Implementation of Act is a big step forward for the New Zealand wine industry:

New Zealand Winegrowers warmly welcomes the announcement that Government will implement the Geographical Indications Registration Act.

Geographical indications identify wines as originating in a region or locality says Philip Gregan, CEO, New Zealand Winegrowers. The Act will set up a registration system for wine geographical indications, similar to the trademark registration system. . .

 

$7.8m for new sustainable farming projects:

29 new projects have been approved for $7.8 million in new funding over four years through the Sustainable Farming Fund (SFF), Primary Industries Minister Nathan Guy has announced today.

“These are grass-roots projects that support farmers, growers and foresters to tackle shared problems and develop new opportunities. They will deliver real economic, environmental and social benefits.

“For example, one project will develop industry tools for farmers to improve their farm practices to improve water quality and infrastructure, while reducing nutrient loss. . .

Forestry projects identify practical solutions:

New Zealand’s forestry sector will benefit from five new projects in the latest round of the Sustainable Farming Fund (SFF), Associate Primary Industries Minister Jo Goodhew announced today.

“Around $1.2 million has been committed over four financial years towards five new SFF projects involving the forestry sector,” Ms Goodhew says.  “SFF continues to be a great example of government supporting foresters to ensure the sustainability of our primary industries.”

The forestry projects are part of the 29 new SFF projects announced today—following the 2015/16 SFF funding round held last year. . .

New OSPRI Chief Executive appointed:

OSPRI Chairman Jeff Grant has today announced the appointment of Michelle Edge as Chief Executive of OSPRI.

Ms Edge brings a wealth of agricultural industry experience to the position having had an extensive career spanning scientific research, government regulation, policy and industry organisations within the Australian agricultural sector.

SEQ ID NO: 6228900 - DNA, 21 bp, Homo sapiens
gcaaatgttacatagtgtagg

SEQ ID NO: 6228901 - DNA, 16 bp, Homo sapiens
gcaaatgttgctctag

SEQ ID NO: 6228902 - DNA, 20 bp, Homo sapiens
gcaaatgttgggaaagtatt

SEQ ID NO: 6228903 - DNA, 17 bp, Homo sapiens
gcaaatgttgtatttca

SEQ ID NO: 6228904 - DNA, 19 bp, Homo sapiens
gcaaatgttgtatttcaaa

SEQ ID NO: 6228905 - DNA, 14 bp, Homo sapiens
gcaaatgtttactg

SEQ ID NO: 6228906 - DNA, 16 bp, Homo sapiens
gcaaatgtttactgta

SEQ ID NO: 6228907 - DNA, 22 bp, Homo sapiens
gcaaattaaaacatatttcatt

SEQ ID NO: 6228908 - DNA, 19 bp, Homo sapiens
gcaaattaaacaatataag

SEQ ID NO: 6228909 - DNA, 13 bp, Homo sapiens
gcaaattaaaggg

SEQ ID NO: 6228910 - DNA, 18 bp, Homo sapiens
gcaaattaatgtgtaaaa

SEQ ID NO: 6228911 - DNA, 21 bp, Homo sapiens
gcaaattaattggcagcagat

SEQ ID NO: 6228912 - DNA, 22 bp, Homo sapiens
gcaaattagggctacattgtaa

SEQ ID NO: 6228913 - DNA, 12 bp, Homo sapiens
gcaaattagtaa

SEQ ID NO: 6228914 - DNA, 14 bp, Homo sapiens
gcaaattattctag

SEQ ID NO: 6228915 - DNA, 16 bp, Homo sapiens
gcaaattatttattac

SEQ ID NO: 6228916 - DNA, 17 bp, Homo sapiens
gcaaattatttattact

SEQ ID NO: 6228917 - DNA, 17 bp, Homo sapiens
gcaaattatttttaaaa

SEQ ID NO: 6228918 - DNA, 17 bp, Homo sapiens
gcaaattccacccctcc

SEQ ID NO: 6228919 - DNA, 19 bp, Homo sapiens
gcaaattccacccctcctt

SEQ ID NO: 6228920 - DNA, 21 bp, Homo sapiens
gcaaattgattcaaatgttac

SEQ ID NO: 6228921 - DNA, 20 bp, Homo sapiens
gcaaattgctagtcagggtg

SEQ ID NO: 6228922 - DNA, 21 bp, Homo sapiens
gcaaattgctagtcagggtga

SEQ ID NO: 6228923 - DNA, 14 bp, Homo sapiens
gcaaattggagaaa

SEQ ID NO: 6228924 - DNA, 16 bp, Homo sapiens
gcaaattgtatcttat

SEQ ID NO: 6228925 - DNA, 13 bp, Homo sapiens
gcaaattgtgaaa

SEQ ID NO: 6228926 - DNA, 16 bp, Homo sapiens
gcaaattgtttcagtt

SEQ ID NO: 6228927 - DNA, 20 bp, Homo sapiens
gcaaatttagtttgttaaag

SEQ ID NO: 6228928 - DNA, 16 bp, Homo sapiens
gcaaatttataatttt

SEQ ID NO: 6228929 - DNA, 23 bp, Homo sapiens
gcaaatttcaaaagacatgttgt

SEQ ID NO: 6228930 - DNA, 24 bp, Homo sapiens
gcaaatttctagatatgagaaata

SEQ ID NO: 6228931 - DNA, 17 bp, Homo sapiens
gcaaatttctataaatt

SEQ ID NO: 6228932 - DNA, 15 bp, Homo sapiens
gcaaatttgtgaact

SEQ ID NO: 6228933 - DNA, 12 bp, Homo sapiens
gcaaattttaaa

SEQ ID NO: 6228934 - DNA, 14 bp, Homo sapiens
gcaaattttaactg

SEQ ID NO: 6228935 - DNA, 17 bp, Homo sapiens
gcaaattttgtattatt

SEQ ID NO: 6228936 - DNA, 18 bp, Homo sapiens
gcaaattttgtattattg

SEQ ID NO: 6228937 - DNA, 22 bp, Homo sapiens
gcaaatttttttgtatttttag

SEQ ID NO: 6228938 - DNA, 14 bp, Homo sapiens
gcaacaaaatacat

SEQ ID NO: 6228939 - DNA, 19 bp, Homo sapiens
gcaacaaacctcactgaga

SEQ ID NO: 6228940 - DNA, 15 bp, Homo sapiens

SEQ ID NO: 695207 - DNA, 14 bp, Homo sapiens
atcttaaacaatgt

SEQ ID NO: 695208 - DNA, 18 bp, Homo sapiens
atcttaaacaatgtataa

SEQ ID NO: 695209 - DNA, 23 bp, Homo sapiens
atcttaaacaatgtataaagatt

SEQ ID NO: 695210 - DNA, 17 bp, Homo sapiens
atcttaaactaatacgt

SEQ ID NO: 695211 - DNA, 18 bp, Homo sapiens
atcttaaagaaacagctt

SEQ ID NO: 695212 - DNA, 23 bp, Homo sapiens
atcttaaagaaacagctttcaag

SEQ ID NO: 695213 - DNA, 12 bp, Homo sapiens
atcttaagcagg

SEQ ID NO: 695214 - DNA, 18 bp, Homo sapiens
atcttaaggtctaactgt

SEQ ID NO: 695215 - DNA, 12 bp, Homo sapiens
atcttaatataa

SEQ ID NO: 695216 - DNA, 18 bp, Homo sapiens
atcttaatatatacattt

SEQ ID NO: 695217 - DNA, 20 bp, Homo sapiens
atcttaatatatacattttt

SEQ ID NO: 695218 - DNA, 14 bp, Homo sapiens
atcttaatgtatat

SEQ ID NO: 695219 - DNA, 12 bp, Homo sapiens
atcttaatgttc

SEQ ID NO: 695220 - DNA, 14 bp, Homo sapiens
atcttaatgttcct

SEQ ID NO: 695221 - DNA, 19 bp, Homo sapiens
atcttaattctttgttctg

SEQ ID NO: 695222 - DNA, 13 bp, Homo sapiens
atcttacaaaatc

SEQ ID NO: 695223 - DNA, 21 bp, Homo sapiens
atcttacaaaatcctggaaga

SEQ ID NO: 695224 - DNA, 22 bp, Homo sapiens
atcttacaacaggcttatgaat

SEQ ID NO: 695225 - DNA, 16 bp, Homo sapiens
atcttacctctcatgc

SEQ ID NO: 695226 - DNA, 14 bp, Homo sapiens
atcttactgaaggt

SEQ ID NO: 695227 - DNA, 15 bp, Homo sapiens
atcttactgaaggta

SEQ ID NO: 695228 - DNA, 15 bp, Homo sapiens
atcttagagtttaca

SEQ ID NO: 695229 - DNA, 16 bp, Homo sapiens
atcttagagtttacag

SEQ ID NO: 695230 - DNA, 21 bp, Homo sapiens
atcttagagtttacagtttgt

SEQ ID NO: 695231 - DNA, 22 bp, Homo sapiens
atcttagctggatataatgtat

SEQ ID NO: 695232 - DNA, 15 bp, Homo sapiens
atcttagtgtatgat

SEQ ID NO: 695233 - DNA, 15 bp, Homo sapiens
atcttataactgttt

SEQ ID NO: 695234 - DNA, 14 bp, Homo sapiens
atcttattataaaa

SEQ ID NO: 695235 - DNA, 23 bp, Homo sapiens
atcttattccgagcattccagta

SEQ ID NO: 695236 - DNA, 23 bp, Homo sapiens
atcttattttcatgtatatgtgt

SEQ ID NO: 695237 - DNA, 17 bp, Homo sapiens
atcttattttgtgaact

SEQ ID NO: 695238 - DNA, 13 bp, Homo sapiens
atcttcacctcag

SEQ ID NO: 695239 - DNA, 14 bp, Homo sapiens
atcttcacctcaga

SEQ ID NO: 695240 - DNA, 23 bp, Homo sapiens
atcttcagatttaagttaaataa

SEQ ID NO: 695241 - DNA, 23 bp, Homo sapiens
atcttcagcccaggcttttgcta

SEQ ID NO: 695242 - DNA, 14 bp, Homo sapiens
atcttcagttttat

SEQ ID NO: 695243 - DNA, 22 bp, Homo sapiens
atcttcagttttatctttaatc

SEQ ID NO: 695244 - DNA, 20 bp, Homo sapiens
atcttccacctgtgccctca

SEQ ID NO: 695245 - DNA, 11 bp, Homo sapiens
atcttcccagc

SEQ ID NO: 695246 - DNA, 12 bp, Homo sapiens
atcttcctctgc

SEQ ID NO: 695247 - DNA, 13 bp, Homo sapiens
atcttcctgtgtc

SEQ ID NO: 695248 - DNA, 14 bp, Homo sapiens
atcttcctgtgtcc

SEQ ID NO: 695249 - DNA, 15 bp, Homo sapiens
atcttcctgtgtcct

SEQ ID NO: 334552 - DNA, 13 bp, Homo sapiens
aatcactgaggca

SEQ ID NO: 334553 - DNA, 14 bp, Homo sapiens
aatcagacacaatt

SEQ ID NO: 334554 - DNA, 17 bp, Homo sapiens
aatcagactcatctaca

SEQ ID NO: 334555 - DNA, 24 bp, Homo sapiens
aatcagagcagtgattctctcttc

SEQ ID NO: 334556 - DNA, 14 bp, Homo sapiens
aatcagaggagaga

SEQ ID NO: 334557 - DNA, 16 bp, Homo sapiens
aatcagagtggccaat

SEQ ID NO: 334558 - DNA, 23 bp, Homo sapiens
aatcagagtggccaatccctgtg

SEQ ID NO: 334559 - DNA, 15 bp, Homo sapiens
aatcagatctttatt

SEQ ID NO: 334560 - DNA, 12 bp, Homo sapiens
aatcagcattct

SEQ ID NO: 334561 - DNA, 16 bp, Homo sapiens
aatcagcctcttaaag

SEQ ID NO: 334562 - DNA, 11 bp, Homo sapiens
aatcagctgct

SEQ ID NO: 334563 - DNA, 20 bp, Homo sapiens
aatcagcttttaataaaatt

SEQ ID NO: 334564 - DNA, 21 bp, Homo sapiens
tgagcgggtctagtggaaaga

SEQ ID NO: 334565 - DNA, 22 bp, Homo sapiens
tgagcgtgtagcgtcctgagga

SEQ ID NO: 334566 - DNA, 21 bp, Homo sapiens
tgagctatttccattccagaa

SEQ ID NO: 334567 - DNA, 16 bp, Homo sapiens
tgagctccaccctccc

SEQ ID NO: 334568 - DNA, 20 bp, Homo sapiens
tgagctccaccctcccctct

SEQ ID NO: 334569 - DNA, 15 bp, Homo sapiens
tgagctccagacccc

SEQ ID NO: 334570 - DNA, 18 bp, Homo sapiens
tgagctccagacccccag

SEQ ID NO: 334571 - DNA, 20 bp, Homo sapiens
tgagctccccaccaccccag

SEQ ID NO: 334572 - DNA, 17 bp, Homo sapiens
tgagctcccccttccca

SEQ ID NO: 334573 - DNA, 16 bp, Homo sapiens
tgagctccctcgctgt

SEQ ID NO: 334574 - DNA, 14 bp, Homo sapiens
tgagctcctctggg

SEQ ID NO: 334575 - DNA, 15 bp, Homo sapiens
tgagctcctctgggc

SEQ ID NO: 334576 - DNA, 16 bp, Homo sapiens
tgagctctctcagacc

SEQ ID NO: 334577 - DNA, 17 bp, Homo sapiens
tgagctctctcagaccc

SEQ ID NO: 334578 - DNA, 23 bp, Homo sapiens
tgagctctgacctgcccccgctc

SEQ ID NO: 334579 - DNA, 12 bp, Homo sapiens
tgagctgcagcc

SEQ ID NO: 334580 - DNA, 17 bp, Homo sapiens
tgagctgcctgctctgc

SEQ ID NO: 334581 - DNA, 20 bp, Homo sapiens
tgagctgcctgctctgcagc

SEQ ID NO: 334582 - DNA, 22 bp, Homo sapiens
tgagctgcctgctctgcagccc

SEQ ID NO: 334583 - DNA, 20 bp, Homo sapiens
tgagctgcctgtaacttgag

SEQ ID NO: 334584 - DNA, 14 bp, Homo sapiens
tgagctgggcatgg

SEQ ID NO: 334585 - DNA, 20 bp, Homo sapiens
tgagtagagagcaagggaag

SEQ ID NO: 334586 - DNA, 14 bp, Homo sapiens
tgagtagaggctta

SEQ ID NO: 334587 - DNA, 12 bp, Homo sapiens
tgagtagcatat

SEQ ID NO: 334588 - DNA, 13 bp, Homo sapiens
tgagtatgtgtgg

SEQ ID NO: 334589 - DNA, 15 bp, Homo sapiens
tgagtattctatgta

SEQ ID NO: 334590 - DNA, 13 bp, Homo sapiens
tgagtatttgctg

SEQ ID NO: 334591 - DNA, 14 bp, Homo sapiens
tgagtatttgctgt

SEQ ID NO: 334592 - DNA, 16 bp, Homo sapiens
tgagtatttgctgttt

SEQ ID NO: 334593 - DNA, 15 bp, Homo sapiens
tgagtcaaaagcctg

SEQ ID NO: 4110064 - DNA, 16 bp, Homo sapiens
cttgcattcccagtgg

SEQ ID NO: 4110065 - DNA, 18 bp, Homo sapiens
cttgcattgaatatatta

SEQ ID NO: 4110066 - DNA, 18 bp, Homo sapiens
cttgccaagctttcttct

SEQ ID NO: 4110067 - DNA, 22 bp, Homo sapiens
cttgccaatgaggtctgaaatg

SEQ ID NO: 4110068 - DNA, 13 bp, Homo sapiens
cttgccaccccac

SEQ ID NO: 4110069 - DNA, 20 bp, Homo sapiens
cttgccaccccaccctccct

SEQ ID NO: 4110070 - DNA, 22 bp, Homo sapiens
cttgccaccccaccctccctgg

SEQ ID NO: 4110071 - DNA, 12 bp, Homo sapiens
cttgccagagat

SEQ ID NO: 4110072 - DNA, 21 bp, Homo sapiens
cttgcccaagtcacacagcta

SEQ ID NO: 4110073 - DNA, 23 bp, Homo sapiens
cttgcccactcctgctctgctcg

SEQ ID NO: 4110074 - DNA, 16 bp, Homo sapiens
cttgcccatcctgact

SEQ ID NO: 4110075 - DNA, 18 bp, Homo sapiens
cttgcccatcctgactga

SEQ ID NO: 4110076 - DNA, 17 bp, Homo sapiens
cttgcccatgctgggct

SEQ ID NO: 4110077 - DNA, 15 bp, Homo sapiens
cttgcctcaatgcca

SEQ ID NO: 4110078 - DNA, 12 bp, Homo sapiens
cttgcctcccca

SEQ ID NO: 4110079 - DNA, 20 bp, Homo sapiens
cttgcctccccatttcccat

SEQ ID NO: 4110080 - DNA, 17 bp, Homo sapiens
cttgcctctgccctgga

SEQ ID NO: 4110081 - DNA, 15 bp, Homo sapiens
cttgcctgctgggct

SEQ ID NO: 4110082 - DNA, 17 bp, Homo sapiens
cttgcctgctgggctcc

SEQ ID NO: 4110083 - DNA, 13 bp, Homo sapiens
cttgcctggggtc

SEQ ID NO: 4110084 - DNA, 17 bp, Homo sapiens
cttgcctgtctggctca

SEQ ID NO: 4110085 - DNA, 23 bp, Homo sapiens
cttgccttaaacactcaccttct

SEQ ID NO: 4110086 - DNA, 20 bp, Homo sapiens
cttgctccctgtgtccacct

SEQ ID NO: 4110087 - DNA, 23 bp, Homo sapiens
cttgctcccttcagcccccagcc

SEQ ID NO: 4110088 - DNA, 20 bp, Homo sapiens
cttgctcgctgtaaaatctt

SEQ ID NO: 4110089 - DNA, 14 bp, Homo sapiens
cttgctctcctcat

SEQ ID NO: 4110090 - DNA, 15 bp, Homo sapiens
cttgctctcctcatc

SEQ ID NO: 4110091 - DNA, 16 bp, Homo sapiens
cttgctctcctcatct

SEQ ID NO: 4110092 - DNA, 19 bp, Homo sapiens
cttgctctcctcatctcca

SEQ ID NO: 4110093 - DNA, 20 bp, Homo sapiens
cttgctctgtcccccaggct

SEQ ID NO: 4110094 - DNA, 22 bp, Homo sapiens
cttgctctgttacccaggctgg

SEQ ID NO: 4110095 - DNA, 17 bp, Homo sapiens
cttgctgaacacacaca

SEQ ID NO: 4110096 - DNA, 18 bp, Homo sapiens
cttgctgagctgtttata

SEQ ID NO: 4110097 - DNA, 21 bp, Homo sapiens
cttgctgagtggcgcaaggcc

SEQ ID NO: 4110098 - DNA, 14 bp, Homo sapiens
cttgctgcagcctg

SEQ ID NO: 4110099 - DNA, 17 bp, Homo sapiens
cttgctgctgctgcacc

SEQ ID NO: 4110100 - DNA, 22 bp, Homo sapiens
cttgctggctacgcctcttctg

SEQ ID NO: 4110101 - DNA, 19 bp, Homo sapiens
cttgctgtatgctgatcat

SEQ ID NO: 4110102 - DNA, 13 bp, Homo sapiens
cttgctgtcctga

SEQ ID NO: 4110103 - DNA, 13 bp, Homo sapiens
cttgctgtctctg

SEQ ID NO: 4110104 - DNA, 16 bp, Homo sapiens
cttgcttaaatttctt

She was most recently Chief Executive of Australian Meat Processor Corporation – a levy-funded research, development and extension organisation operating in the red meat sector. . .

IrrigationNZ welcomes OVERSEER 6.2 despite forecast Nitrate loss spike:

IrrigationNZ says any short-term pain for irrigating farmers who end up with worse nitrate leaching results in OVERSEER 6.2 will be out-weighed by the benefits of more realistic irrigation modelling.

To prevent issues arising from OVERSEER 6.2’s introduction, IrrigationNZ and OVERSEER’s General Manager Dr Caroline Read have been working to inform affected regional councils to reduce compliance concerns. The industry body says irrigating farmers also need to be proactive and familiarise themselves with the new software.

The latest version of OVERSEER® Nutrient budgets (OVERSEER 6.2) launches later this month and IrrigationNZ says some irrigators will see increased nitrate loss estimates for their properties due to more accurate modelling. This may impact on their compliance under regional council regulations. . .

Nitrogen dollars dissolving in thin air:

Millions of dollars’ worth of nitrogen is vanishing into thin air, causing losses to farmers and to New Zealand in wasted import dollars.

That’s the conclusion reached in field trials completed as part of the Ballance Agri-Nutrients’ Clearview Innovations Primary Growth Partnership programme to measure ammonia losses from standard urea and urea treated with a nitrogen stabiliser. These losses occur when the nitrogen in the urea volatilises into ammonia.

While farmers try to avoid the loss by applying urea when wet weather is forecast, research by Landcare Research and Ballance has shown a good 5 to 10 mm of rain is needed within eight hours of application to reduce ammonia loss – a finding consistent with research in New Zealand in the 1980s. . .


Rural round-up

March 6, 2014

MIE seek funds from Beef + Lamb – Allan Barber:

MIE Chairman John McCarthy put out a press release on Tuesday pressing Beef + Lamb NZ to put its weight behind the remit to the AGM in March which asks “that Beef + Lamb New Zealand provide funding support to the Meat Industry Excellence Group to secure red meat sector reform.”

This maintains the pressure of a campaign waged by MIE for some months now, but I get the impression the sector reform group is no closer to stating how it intends to achieve the reform it wants. The press release says an estimated $200,000 is needed next year to “meet expenses for travel, meetings and other activities associated with driving the reform process.”

The stated justification is B+LNZ has no mandate beyond the farm gate, whereas MIE has ‘runs on the board’ with the successful election of directors to the boards of Alliance and Silver Fern Farms. MIE’s focus is now on processing and marketing issues in the sector.  . .

Sheep farmers pushing for retention of Invermay – Allan Barber:

A group of southern sheep breeders and sheep and deer farmers is strongly lobbying the government to attend a meeting in Gore to be held next Wednesday 12th March. The meeting, to be chaired by past chairman of Beef + Lamb NZ Jeff Grant, will be the first time AgResearch has fronted up to breeders and farmers to talk to them about the planned transfer of research scientists from Invermay to Lincoln.